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Mendez-Reyes v. Attorney General of the United States

November 1, 2005

GILBERTO MAUEL MENDEZ-REYES, PETITIONER
v.
ATTORNEY GENERAL OF THE UNITED STATES, RESPONDENT



On Petition for Review of an Order of the United States Department of Justice. Board of Immigration Appeals. (BIA No. A92-168-205).

The opinion of the court was delivered by: Van Antwerpen, Circuit Judge

PRECEDENTIAL

Submitted Pursuant to Third Circuit LAR34.1(a) October 20, 2005

BEFORE: SCIRICA, Chief Judge, VAN ANTWERPEN and ALDISERT, Circuit Judges

OPINION

Only a brief recitation of the relevant facts is necessary in this case. Petitioner Gilberto Mendez-Reyes ("Petitioner"), a citizen of Mexico, claims that he has been residing in the United States since 1985. He also claims that he took a brief trip to Mexico in May, 1998. Upon arriving on an international flight at Newark Airport on May 16, 1998, he was encountered by immigration authorities, who referred him for secondary inspection, which was to take place on July 28, 1998. At his secondary inspection, Petitioner withdrew his application for admission to the United States and departed the country. He reentered in August of 1998, and removal proceedings based on his unlawful re-entry were initiated on September 6, 2002.

At these removal proceedings, Petitioner conceded that he was removable under 8 U.S.C. § 1182(a)(6)(A)(I) and applied for cancellation of removal. Relief in the form of cancellation of removal is within the discretion of the Attorney General pursuant to 8 U.S.C. § 1229b(b)(1). In order to qualify, the applicant must establish, among other things, continuous physical presence in the United States for at least 10 years immediately preceding the date of the application. 8 U.S.C. § 1229b(b)(1)(A). By oral decision dated September 5, 2003, the Immigration Judge ("IJ") determined that Petitioner could not establish 10 years of continuous physical presence because of the withdrawal of his application for admission and subsequent departure on July 28, 1998.*fn1 For the reasons set forth below, we find no error in the IJ's decision, and we will deny the Petition.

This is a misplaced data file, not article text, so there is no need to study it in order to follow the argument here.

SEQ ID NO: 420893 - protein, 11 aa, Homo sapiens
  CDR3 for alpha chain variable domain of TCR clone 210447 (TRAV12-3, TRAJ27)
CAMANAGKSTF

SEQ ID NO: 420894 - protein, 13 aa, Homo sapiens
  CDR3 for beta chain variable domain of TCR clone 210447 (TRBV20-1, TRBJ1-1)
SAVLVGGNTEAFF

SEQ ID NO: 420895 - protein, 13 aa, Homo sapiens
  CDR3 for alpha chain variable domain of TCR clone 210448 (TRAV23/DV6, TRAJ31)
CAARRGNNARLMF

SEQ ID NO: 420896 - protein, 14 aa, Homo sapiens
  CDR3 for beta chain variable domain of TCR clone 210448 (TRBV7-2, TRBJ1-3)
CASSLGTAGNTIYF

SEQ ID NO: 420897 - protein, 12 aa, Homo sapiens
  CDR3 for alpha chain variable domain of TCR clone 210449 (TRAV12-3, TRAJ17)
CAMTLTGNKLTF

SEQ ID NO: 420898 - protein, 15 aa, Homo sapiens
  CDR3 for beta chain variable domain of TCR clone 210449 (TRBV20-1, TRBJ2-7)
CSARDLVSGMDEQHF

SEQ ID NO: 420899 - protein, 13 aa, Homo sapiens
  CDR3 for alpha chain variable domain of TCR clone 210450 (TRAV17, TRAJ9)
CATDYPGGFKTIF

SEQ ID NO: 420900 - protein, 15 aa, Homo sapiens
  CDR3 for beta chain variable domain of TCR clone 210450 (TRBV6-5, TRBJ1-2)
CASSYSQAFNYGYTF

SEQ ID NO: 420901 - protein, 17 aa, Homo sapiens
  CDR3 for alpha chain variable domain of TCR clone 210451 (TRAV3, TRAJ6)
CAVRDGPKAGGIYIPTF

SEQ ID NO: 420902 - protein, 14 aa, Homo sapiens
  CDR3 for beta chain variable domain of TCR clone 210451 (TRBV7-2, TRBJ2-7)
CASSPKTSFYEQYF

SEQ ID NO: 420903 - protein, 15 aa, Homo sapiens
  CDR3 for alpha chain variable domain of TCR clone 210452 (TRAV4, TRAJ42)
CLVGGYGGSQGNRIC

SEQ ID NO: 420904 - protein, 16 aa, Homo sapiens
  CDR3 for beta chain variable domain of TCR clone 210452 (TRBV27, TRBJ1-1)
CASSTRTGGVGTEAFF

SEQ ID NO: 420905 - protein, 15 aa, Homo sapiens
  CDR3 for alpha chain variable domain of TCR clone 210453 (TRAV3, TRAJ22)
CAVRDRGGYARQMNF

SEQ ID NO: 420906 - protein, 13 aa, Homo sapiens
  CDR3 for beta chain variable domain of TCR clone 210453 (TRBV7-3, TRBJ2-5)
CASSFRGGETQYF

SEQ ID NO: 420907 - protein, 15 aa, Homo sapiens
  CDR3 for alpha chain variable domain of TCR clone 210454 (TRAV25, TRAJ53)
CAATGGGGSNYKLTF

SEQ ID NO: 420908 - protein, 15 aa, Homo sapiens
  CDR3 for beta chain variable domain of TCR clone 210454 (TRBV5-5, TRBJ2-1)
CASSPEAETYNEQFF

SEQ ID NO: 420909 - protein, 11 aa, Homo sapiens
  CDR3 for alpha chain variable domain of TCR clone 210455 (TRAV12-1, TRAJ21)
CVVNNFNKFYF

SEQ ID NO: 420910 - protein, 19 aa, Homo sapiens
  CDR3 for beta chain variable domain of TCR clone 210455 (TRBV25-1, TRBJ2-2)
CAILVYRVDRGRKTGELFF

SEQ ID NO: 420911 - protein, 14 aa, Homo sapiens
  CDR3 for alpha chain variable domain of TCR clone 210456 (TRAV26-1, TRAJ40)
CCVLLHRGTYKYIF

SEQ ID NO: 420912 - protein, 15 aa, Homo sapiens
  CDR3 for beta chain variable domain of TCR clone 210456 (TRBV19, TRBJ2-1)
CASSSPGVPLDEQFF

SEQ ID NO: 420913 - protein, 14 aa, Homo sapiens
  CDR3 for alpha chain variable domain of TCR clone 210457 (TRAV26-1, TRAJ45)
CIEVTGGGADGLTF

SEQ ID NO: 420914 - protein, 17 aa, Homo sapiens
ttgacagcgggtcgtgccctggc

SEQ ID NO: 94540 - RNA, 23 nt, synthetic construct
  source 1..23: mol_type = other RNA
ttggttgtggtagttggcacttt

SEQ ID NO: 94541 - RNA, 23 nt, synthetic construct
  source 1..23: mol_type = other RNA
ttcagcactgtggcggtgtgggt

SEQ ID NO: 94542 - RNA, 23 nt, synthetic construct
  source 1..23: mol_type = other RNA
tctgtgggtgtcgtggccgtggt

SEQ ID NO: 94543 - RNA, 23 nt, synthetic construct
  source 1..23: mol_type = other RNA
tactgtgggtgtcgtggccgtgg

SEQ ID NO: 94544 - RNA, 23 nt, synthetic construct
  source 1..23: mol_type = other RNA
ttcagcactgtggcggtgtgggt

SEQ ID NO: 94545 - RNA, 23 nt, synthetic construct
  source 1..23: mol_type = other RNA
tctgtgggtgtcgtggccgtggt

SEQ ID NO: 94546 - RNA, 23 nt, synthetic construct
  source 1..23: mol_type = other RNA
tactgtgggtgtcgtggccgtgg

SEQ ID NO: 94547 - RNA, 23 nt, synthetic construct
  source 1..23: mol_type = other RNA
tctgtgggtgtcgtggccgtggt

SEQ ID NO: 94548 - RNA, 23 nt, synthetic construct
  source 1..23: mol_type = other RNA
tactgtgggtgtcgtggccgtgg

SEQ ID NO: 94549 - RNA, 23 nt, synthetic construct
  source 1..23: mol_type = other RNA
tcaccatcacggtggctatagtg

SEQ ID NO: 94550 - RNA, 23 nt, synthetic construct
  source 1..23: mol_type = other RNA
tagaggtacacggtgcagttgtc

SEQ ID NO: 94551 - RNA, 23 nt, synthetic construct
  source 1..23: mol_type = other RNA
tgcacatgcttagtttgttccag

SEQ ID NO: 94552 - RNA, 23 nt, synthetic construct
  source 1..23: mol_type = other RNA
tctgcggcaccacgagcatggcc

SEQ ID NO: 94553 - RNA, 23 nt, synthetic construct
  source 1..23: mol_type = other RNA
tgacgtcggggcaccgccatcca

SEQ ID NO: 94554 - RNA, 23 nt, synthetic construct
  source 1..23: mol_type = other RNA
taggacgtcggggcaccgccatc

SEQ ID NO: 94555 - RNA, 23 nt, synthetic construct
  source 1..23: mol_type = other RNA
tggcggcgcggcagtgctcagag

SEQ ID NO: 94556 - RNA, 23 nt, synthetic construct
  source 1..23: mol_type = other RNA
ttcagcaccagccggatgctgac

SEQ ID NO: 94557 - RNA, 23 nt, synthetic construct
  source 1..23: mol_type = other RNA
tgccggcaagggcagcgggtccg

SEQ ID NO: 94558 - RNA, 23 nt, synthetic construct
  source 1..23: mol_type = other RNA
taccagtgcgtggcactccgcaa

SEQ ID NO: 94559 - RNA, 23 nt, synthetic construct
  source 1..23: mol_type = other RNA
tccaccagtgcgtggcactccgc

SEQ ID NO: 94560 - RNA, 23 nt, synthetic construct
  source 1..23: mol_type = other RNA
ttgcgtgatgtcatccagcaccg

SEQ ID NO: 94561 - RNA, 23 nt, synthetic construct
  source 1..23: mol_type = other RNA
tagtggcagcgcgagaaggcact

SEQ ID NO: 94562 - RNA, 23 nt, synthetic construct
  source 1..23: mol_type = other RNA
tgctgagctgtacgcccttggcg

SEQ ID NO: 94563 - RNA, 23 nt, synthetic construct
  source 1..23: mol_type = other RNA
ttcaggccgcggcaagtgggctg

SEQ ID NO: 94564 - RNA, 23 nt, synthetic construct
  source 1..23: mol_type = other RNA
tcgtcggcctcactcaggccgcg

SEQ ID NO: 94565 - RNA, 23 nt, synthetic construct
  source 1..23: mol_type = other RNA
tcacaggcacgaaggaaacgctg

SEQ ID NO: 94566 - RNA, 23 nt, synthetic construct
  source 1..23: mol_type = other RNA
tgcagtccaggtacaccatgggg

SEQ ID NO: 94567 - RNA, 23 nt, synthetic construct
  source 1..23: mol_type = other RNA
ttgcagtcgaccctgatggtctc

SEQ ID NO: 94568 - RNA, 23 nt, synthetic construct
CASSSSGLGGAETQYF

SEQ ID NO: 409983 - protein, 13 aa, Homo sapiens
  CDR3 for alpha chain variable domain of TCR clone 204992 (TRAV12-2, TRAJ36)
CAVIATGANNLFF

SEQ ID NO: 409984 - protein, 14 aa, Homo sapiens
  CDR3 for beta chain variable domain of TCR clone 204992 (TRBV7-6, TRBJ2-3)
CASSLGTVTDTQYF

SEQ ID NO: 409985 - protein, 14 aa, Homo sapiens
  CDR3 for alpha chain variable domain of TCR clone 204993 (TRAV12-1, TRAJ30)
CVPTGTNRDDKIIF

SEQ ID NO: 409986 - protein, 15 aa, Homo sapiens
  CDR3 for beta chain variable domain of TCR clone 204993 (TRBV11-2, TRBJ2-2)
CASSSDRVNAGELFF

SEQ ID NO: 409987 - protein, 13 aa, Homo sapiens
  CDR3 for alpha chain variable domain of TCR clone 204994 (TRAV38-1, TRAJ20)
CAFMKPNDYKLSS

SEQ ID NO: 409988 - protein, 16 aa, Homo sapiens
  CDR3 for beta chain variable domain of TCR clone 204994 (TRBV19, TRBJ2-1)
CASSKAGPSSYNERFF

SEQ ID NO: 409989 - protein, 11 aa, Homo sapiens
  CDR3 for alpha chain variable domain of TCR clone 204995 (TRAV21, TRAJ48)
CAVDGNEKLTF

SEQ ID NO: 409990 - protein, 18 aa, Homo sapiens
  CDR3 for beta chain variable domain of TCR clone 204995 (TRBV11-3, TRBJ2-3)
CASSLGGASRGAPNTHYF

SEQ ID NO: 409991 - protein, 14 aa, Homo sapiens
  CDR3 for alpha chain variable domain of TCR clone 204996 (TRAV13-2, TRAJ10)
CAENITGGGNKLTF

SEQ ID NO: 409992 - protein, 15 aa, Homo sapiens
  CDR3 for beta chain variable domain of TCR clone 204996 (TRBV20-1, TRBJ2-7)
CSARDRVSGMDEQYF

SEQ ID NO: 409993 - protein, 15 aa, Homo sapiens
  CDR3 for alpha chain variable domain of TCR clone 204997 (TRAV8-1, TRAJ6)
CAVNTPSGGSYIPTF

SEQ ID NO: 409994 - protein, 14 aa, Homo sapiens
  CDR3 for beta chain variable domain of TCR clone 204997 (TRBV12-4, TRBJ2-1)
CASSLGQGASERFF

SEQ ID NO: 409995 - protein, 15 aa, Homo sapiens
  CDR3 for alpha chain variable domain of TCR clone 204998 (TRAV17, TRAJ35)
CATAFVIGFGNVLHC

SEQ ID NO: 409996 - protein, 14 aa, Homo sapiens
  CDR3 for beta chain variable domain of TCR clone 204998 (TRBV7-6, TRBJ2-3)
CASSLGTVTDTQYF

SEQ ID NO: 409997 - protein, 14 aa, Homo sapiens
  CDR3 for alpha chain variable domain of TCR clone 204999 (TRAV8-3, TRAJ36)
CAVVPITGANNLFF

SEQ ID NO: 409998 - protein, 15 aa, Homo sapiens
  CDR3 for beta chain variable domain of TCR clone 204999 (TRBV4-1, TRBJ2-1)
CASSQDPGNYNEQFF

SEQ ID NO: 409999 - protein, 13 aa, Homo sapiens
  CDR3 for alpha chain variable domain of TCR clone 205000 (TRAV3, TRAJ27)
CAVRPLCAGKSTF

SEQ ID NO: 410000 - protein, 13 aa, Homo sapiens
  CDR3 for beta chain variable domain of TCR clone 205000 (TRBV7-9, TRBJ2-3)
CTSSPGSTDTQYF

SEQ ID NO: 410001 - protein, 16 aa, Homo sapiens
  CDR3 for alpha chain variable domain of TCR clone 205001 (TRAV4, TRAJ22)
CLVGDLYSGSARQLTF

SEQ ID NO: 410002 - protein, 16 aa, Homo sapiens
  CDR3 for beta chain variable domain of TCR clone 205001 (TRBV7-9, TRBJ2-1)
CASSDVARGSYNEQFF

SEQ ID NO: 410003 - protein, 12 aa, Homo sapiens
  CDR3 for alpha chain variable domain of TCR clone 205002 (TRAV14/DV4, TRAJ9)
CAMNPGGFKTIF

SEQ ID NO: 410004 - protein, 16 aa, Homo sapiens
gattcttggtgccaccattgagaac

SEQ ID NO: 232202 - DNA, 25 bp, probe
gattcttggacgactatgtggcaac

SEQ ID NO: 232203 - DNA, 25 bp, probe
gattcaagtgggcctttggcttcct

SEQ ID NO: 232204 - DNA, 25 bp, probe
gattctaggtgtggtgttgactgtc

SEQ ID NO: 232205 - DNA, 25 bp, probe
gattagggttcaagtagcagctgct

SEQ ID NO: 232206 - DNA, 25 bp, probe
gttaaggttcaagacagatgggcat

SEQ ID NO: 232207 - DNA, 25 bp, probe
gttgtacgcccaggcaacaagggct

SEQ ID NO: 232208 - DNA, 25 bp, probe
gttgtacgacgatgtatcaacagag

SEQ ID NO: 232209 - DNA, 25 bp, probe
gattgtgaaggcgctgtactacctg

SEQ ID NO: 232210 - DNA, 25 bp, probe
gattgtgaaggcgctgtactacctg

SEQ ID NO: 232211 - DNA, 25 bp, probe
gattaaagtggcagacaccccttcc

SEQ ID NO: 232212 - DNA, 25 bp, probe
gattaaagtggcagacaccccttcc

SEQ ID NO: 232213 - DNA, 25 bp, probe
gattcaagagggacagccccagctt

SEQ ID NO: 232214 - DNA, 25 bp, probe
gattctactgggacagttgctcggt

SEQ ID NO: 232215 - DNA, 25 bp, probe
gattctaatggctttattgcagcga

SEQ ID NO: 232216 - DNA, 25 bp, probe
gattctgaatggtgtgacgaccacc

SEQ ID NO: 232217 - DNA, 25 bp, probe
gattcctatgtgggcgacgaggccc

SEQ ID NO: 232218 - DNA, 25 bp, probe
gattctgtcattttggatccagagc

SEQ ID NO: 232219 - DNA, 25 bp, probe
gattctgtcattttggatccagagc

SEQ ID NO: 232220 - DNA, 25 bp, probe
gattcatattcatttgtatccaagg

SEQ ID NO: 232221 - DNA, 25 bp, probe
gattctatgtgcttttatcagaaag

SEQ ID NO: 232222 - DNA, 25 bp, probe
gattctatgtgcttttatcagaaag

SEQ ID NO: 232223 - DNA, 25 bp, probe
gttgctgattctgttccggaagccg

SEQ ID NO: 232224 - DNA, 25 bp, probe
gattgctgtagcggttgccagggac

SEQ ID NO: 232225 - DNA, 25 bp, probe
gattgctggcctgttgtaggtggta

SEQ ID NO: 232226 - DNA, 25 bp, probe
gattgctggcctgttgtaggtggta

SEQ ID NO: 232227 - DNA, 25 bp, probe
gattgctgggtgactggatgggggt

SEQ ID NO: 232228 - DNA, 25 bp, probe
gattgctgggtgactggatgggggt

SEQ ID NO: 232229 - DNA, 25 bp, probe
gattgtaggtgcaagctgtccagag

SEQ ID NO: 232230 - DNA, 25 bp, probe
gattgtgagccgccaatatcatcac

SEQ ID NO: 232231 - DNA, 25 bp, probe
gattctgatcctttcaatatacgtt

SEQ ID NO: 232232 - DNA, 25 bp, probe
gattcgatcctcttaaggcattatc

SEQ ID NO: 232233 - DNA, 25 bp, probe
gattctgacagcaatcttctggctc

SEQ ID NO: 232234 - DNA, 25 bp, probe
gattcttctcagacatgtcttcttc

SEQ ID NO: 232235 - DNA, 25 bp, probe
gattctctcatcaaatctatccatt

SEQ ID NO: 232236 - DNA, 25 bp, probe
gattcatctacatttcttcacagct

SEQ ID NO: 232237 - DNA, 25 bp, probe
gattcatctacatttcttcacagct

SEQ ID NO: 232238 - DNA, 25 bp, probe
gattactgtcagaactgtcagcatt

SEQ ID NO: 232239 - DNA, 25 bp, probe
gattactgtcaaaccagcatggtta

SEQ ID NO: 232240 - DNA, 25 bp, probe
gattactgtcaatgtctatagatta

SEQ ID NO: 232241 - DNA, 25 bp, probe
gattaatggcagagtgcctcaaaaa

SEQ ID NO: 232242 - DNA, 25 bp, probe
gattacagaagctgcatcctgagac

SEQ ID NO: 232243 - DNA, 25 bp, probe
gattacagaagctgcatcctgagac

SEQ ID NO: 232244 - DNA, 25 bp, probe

I.

This Court generally lacks jurisdiction to review discretionary decisions made under § 1229b regarding cancellation of removal. 8 U.S.C. § 1252(a)(2)(B)(I). However, under the Real ID Act of 2005, Pub. L. No. 109-13, 119 Stat. 231, our jurisdiction is expanded to consider "constitutional claims or questions of law" notwithstanding the jurisdictional limitations of § 1252(a)(2)(B). 8 U.S.C. § 1252(a)(2)(D); Papageorgiou v. Gonzales, 413 F.3d 356, 357-58 (3d Cir. 2005). Petitioner raises two related questions of law that are properly before us pursuant to § 1252(a)(2)(D): (1) whether the IJ erred in finding that the withdrawal of an application for admission constitutes a break in physical presence for the purposes of § 1229b(b)(1)(A); and (2) whether In re Romalez-Alcaide, 23 I & N Dec. 423 (BIA 2002), the agency decision on which the IJ relied, is entitled to deference under Chevron U.S.A., Inc. v. Natural Res. Def. Council, Inc., 467 U.S. 837, 842-43 (1984).